Riding the Bike with One Pedal.

Fuchsia Friday

Screw all this “Black Friday” stuff. I get it, it’s all about stores coming out of the red ink and into the black, but good lord, folks, you really NEED to trample your way in? I was thinking about all of this yesterday, as I considered reviving my tradition of going out shopping on Black Friday, wondering when it all turned from a shopping day with more excitement into a fuckin’ piranha tank.  There’s very little I need that would require me getting up at 3 am at this point in my life.  James even reminded me of this adventure (“Remember, you said you weren’t going anymore?”)

Oh yeah. And here I was, contemplating Joann’s AND CostCo. I still was, until I saw that I’d been looking at the wrong day, and that Joann’s didn’t open at 7 am, but instead, at 6 am. One hour was enough to make me really question if it was worth it or not. So I jumped online to calculate just how much I’d save on that damned OTT-Lite, and lo and behold? Joanns.com was having a sale. With a floor OTT lamp for $50, and free shipping if you spent $75. Since I was going to shell out over $100 on the lamp alone (with the extra coupon), I tapped in all my info, got a replacement bulb and one thing I needed to complete a gift. Grand total of $75.97, free shipping, bay-bee!

I did go out later, made a grocery store run and a trip to Westlake Hardware, and let me just say, I don’t know if they have a special training course at Westlake Ace for how to treat women when they come in? But the car industry could learn a LOT from these people.  I needed to get a few nuts and bolts, a new humidifier filter, and what I thought was a thumb screw. Within a minute of entering the store, I was greeted by two people, and the man working the floor asked if I needed help finding anything. Indeed I did, and within five minutes, we had all the nuts, bolts and washers I needed, at the correct size and length. He looked at the part I brought in, pronounced I already had a screw in there, but needed a tiny allen wrench (for thirty-nine cents) and I was on my merry way, with everything I needed and no frustrations.  As I left, I was reflecting on how awesome everything had gone (I had imagined myself digging through compartment after compartment of bolts, probably spilling some) and that my experience is like that every time I go. I don’t work for them, no affiliation, I just have to say, I’m either lucky, look unbelievably pathetic, or they’ve got some really good customer service, and I’m betting on the latter.

At CVS, I couldn’t help but stare at the woman who was checking out in front of me, and she looked back at me with some glimmer of recognition, but didn’t say anything. I pondered how Kansas City gets smaller and smaller each year, and sometimes people who work in other places I frequent will pop up (say, at the grocery store, and your mind struggles to place them.) I didn’t think much of it, but she returned, because they’d overcharged her for photos, and she had no photos. She looked at me again, and I finally had to say, “Do we know each other? You look really familiar.” And she said, yes, we did, and told me who her husband was, who is someone my husband got into it with during his last months with a local waterfowl organization, and so there we had it, not only did we have a connection but it was utterly fractured and stupid.  I was instantly regretting asking her who she was and realizing exactly why she didn’t greet me in the first place, and so we stood there at the pharmacy counter, awkwardly, like Mrs. Ulysses S. Grant and Mrs. Robert E. Lee somehow got stuck at the same tea table  (I’m playing the role of Mrs. Grant, btw, I don’t care what side Missouri fought on.)  I graciously told the cashier to handle her refund first, and we both stood there staring at her while attempt after attempt to credit her back failed. Then she had to call a manager, who didn’t show up, and she finally asked Mrs. Lee if she could take care of me real quick while they waited for the manager. I scrawled my name on the line and escaped as quickly as I could, wondering how in the hell they were now in our neighborhood. Like I said, small town, big city.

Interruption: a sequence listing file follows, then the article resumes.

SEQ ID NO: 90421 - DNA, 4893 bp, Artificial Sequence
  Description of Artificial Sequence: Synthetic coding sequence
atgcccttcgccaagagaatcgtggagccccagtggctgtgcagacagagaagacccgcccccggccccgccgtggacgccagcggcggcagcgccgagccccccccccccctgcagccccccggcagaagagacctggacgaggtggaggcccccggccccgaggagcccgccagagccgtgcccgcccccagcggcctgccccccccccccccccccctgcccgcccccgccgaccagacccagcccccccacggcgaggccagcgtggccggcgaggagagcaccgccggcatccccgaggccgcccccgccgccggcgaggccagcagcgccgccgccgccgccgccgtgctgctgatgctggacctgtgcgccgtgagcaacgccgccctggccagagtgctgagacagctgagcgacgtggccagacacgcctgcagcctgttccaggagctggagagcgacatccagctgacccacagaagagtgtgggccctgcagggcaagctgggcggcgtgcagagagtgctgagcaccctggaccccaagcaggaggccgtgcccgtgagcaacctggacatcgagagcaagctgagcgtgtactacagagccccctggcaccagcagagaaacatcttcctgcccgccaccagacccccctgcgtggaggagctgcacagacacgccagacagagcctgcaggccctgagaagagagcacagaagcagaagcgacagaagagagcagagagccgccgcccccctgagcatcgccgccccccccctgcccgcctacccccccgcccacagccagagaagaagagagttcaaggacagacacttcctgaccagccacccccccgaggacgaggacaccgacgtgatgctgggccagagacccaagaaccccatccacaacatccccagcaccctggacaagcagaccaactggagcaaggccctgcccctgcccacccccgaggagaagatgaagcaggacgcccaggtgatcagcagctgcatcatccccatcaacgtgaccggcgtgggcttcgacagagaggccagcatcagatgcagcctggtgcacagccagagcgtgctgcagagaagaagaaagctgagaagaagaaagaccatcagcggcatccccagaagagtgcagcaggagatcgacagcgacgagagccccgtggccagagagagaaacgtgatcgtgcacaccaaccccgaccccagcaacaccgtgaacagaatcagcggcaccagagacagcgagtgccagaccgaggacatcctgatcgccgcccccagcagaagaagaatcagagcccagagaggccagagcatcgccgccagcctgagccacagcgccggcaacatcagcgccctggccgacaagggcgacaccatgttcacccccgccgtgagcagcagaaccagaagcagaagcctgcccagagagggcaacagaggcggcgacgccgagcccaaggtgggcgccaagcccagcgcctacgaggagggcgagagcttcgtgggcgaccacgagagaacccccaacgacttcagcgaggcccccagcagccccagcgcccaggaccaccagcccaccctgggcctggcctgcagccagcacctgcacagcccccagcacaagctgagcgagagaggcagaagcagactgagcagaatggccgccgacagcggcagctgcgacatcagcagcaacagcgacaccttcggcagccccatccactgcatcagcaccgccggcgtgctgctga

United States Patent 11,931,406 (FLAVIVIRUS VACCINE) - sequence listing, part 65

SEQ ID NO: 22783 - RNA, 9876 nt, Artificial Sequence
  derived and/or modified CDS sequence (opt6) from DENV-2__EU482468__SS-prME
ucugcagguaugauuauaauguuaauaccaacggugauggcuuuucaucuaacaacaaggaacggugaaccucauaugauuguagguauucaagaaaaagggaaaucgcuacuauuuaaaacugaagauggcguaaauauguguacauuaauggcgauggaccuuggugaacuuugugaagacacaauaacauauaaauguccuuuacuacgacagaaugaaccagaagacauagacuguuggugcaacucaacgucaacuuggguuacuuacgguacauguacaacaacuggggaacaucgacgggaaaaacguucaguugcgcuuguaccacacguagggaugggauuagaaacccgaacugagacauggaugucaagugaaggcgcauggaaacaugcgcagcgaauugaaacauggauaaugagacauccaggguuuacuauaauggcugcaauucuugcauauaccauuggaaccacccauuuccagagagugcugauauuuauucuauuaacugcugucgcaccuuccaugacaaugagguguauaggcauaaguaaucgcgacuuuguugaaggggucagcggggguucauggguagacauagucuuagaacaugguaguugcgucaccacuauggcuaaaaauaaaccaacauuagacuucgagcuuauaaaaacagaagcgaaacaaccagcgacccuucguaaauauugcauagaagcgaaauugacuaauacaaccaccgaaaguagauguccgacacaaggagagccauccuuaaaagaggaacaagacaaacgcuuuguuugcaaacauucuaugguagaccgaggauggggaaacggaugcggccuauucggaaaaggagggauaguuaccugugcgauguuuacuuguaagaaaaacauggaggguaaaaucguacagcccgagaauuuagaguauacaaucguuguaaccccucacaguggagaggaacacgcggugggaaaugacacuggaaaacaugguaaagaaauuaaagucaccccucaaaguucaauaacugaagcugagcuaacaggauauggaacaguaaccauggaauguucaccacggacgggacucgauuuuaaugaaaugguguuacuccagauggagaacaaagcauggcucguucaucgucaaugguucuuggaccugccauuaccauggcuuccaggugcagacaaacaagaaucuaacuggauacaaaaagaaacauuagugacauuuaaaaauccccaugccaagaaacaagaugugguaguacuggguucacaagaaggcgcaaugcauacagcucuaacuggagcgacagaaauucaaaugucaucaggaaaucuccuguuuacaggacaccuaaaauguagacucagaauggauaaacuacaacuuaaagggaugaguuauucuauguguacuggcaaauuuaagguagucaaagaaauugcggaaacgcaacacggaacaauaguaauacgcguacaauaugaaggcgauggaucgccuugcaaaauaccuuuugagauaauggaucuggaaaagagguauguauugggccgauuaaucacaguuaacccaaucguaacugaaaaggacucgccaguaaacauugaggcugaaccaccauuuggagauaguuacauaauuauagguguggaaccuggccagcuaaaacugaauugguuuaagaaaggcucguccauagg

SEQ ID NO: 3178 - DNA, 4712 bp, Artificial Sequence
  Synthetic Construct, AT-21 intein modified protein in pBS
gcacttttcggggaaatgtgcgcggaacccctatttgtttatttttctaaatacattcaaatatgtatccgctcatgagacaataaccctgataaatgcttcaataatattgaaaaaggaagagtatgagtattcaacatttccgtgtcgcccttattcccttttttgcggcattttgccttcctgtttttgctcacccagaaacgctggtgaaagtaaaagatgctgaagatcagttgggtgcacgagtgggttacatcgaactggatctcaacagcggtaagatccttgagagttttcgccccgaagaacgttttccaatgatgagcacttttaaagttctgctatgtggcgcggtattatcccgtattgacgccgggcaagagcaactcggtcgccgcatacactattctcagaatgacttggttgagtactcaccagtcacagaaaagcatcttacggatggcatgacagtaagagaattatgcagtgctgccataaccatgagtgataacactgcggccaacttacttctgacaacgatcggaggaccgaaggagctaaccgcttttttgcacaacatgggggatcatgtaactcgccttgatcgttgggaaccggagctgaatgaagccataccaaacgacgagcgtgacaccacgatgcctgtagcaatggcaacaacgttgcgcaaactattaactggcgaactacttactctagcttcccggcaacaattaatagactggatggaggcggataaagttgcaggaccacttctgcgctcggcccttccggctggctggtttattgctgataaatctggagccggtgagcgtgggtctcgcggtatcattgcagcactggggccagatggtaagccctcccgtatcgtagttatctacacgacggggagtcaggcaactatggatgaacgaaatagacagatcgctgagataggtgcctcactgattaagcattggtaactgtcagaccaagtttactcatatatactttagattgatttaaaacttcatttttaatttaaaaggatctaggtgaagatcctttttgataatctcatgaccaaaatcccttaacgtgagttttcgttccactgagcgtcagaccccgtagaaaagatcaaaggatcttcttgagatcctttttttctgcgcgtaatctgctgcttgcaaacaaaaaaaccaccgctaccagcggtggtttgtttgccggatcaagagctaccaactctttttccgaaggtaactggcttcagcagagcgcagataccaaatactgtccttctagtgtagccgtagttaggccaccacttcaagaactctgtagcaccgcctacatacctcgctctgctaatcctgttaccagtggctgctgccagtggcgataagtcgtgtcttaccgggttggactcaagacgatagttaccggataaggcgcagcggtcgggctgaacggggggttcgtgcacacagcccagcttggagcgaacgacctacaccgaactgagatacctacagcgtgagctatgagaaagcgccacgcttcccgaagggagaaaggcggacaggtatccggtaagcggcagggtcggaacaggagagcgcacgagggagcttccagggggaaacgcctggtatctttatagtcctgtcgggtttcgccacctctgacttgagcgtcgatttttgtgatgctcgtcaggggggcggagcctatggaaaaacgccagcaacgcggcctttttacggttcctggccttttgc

So it was a good day, no crazy shopping, though I’ve lived vicariously through others, as people post pictures of their giant tv’s and exhaustion from having to either work the sales or from still dealing with family. Me, I’m having a British crime procedural marathon, watching episodes of MI:5 (Spooks) and nibbling on cheese. If I were to paint the day a color, it would be the shockingly bright, happy magenta I love so dearly, making it a very fuchsia Friday indeed.

3 Comments

  1. meesha.v

    I bought few things online, which were just as good of a deal as the one I would have to fight for in the store. No tax, free shipping, I am happy and unhurt. Happy holidays!

  2. PlazaJen

    I agree, Meesha, online’s the way to go!
    I saw some reports that companies were going to block the internet during the workday on Monday – I say, dudes, if it helps strengthen the economy, just write off the time and crack the whip on Tuesday.

  3. shannon in oregon

    i had to work on the sales floor. we never have big blow out sales, we don’t open at insane hours (well, our one mall store had to open at the dumb hour of 6), and we had some pretty cool folks in. however, i will always get sick of the question/statement, “what, you don’t have any sales happening?!” when i tell them we’re a small business and can’t afford to have the big blow out sales, they look at me with disbelief. then they buy their shoes. well, some of them.

    i so look forward to tomorrow when i can sleep in and not have to talk to customers.

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